Prince of Persia

We walk briskly down the narrow alley, looking back for the dark-coated Arab who's.. well, okay, chasing us.

It's a strangely civilised pursuit and, unlike in Vietnam, the rules are clear. He's an unlicenced tour guide who's attached himself to us and is about to demand an outrageous fee for the one-hour tour of the artisan area. We're English tourists who're too polite for our own good, but aren't quite as naive as we seem (because we've been scammed like this before). At least one of the people around us is an undercover cop who'll put him in jail for 48 hours if he's even seen with us.

We've never agreed to pay anything, I know roughly where I am and how to call for help, and violence against visitors just doesn't happen here. On the other hand, he's unshaven, missing teeth, and scary. Plus he has an unspecified and possibly unlimited number of friends. Game on.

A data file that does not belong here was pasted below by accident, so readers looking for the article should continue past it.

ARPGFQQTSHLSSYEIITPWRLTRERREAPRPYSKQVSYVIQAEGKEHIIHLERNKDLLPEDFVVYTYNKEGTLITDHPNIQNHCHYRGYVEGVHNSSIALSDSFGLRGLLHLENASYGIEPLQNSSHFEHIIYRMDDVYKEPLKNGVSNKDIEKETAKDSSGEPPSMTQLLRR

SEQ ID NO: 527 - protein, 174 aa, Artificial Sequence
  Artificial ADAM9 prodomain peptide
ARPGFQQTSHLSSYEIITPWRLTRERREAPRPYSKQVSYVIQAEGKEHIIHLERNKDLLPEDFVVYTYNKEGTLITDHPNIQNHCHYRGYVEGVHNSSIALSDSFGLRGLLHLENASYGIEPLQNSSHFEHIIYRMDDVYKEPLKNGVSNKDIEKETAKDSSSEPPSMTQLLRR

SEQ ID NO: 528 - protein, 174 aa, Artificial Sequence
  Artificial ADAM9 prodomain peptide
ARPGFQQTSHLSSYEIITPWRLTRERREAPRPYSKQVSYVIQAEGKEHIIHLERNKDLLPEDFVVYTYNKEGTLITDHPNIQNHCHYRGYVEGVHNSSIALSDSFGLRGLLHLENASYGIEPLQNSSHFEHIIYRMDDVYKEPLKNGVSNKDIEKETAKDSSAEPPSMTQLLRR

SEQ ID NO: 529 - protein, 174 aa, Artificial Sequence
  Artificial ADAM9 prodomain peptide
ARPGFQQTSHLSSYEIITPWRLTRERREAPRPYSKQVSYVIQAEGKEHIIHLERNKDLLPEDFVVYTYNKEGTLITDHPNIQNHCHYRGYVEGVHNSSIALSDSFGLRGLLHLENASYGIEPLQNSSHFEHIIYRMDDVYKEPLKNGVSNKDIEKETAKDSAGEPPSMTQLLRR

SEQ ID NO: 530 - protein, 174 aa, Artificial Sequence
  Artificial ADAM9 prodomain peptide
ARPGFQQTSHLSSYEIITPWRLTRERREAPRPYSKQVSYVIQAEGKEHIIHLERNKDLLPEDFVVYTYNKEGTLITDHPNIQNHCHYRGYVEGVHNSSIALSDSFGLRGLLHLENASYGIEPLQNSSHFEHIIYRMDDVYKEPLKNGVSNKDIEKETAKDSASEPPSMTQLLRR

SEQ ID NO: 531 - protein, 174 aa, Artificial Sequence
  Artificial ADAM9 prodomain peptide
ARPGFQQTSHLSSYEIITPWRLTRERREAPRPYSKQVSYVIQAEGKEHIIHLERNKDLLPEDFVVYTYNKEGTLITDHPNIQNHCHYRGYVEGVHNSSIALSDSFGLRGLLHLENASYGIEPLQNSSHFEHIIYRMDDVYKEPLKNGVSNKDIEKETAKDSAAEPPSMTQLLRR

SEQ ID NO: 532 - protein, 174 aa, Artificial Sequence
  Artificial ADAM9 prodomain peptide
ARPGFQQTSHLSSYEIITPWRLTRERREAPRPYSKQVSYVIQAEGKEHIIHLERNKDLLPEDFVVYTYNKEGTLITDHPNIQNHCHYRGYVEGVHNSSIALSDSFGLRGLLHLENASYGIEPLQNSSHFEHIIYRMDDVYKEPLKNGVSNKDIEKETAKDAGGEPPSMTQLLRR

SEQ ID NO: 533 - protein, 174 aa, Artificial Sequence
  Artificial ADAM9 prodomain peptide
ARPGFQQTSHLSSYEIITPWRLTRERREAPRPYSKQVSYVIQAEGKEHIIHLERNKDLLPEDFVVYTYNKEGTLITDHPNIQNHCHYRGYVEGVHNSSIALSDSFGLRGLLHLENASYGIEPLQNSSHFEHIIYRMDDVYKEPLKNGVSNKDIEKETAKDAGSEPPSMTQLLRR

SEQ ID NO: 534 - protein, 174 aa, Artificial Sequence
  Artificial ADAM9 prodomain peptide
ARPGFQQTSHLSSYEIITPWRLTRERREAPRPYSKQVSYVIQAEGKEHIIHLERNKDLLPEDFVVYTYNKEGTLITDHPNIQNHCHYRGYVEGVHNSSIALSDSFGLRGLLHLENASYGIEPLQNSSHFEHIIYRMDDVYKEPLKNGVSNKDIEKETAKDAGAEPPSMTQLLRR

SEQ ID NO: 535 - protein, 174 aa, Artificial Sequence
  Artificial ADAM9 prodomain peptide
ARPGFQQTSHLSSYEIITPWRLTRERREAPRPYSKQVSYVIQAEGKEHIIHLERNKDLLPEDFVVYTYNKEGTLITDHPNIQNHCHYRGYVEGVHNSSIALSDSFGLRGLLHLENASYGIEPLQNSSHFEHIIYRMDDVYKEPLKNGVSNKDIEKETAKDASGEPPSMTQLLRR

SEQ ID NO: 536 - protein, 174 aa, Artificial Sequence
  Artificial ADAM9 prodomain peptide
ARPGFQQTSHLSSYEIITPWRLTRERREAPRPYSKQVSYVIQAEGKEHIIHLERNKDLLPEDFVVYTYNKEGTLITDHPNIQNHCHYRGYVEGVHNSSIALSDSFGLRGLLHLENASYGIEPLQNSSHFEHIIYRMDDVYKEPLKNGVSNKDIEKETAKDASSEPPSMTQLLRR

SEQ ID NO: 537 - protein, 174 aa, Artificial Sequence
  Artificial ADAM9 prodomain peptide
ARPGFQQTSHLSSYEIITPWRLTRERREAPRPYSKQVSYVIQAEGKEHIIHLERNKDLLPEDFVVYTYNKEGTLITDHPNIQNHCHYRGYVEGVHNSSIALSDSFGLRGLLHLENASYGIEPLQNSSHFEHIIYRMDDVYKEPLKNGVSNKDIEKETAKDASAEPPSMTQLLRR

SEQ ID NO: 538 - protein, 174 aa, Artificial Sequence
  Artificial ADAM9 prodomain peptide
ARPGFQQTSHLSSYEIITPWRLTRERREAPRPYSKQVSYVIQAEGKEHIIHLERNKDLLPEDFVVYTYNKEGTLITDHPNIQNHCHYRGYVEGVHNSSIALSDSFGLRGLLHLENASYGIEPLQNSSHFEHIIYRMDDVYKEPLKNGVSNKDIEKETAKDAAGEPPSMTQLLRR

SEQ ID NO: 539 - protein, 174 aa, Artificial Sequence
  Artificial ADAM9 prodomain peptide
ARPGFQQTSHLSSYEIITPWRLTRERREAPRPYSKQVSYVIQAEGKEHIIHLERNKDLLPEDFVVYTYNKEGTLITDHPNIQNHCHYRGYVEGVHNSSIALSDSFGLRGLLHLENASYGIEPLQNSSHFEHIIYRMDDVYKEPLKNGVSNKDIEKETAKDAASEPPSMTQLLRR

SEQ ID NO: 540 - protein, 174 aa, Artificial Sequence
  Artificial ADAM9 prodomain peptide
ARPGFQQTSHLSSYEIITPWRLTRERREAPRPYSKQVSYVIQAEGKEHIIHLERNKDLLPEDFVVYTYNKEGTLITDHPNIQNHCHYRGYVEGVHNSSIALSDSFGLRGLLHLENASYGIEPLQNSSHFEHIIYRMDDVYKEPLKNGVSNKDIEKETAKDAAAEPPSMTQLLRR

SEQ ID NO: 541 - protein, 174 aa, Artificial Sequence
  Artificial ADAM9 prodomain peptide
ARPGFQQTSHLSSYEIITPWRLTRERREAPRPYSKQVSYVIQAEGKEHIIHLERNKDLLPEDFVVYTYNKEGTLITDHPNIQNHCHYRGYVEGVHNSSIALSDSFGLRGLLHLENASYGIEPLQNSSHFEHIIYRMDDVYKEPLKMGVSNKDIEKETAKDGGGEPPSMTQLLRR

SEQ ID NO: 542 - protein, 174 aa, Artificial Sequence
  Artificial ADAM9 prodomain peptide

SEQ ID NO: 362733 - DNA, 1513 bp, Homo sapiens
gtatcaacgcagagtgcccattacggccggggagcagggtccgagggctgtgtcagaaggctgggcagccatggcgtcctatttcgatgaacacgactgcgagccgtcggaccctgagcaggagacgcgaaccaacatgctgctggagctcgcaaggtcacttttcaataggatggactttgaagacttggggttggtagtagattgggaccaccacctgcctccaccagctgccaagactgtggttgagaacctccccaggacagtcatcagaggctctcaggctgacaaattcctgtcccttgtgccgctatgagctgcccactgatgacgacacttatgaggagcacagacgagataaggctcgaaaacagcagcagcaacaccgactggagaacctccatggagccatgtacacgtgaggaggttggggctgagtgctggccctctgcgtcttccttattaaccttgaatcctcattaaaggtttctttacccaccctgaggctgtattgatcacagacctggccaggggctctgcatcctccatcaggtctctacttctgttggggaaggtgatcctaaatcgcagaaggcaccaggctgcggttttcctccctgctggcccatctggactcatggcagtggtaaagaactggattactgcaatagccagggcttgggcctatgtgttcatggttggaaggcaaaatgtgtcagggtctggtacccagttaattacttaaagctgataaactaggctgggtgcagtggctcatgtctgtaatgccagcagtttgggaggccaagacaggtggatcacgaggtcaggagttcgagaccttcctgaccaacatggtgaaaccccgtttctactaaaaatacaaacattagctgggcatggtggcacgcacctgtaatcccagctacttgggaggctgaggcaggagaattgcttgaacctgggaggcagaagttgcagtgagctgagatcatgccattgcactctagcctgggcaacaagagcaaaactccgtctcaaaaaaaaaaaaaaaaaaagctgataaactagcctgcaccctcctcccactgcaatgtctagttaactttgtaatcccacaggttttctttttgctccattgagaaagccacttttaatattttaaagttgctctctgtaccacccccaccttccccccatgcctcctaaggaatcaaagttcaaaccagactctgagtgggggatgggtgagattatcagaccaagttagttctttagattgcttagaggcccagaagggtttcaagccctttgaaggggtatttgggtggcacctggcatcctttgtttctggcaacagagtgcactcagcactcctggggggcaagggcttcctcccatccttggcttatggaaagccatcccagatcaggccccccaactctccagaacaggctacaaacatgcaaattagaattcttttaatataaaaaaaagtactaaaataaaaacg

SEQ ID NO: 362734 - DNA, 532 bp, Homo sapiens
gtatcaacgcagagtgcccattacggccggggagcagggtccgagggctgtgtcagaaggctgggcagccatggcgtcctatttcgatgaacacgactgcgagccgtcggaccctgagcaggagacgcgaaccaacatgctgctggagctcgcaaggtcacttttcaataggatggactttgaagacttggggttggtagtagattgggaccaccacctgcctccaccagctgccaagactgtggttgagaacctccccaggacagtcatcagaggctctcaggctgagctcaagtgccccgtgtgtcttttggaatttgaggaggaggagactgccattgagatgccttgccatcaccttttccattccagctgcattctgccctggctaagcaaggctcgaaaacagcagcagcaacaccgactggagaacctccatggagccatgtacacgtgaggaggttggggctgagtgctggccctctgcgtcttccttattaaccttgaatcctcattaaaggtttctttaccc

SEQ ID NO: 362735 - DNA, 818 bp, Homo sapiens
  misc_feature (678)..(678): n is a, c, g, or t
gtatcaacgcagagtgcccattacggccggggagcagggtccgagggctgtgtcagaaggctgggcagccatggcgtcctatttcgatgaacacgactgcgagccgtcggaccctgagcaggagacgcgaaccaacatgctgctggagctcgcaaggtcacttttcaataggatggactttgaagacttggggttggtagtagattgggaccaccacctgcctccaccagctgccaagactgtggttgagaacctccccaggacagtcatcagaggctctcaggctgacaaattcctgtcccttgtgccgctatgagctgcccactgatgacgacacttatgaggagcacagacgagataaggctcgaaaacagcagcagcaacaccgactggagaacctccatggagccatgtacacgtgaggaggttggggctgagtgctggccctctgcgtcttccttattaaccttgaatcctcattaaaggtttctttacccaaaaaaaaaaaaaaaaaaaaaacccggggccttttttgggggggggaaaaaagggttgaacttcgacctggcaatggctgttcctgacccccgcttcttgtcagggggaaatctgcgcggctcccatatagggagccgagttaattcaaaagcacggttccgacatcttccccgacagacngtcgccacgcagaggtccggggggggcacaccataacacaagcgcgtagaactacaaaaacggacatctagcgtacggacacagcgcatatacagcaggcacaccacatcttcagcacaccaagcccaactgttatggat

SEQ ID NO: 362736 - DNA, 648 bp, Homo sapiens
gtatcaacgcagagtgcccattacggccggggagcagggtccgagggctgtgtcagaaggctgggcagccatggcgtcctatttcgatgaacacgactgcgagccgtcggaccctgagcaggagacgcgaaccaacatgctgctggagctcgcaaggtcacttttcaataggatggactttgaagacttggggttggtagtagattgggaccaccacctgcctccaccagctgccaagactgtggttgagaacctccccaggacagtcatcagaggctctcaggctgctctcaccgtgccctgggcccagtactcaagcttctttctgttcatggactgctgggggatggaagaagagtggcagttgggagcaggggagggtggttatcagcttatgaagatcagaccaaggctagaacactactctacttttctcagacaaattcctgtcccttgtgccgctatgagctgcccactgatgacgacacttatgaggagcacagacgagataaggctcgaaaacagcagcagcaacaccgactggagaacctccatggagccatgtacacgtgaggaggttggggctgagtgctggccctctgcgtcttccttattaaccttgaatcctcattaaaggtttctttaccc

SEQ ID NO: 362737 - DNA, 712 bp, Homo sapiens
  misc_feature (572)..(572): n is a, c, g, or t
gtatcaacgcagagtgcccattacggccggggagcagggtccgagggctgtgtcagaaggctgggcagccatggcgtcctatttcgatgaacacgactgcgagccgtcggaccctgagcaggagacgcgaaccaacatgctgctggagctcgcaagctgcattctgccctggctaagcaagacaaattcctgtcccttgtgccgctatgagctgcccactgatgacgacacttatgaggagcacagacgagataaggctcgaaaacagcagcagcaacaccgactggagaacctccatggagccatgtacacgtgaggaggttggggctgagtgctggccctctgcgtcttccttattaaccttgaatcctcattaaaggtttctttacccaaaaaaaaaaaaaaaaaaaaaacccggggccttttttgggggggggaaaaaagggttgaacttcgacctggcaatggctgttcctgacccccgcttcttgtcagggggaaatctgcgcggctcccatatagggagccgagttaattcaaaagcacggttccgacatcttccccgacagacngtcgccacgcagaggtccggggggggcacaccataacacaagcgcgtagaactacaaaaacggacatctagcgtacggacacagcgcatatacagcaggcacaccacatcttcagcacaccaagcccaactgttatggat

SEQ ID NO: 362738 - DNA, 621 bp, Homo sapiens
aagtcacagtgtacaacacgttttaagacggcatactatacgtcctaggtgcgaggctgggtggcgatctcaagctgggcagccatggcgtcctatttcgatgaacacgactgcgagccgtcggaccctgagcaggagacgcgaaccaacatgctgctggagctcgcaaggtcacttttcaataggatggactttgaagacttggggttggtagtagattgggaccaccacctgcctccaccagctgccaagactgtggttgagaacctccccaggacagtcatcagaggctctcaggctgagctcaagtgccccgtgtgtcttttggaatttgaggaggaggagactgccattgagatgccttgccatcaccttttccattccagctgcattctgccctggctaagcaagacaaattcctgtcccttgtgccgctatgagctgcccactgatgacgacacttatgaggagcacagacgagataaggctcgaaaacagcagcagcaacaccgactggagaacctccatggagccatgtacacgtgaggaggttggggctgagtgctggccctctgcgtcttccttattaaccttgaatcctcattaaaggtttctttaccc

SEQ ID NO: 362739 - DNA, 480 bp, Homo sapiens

For the last part of the walk back to the center, he had to stay distant from us to avoid the cops. Naturally, we "lost" him in traffic and turned off. It would be no contest, but nearly all of these alleys are dead ends. We're backtracking out of one when he spots us and I'm forced to wave in "relief" and apologise for our "mistake". Prince of Persia, I'm not.

Captured, we follow Abdul to the next stop. I abandon Lyn to her interview with his friend the spice merchant and break the routine by offering our involuntary "guide" a tip. Play starts at upwards of 1600 dirham - around $240 - and I know that if I'd paid it, that would have been each. We settle on 150 dirhams, which is a little above the odds but honestly not bad value. Add the chase scene, and it's cheap thrills.

Last time I did this was in Saigon, where the opening gambit was only $140, but it was much more threatening, and we paid over $60 before leaving fast.

We're getting smarter. But really, the only winning move is not to play.

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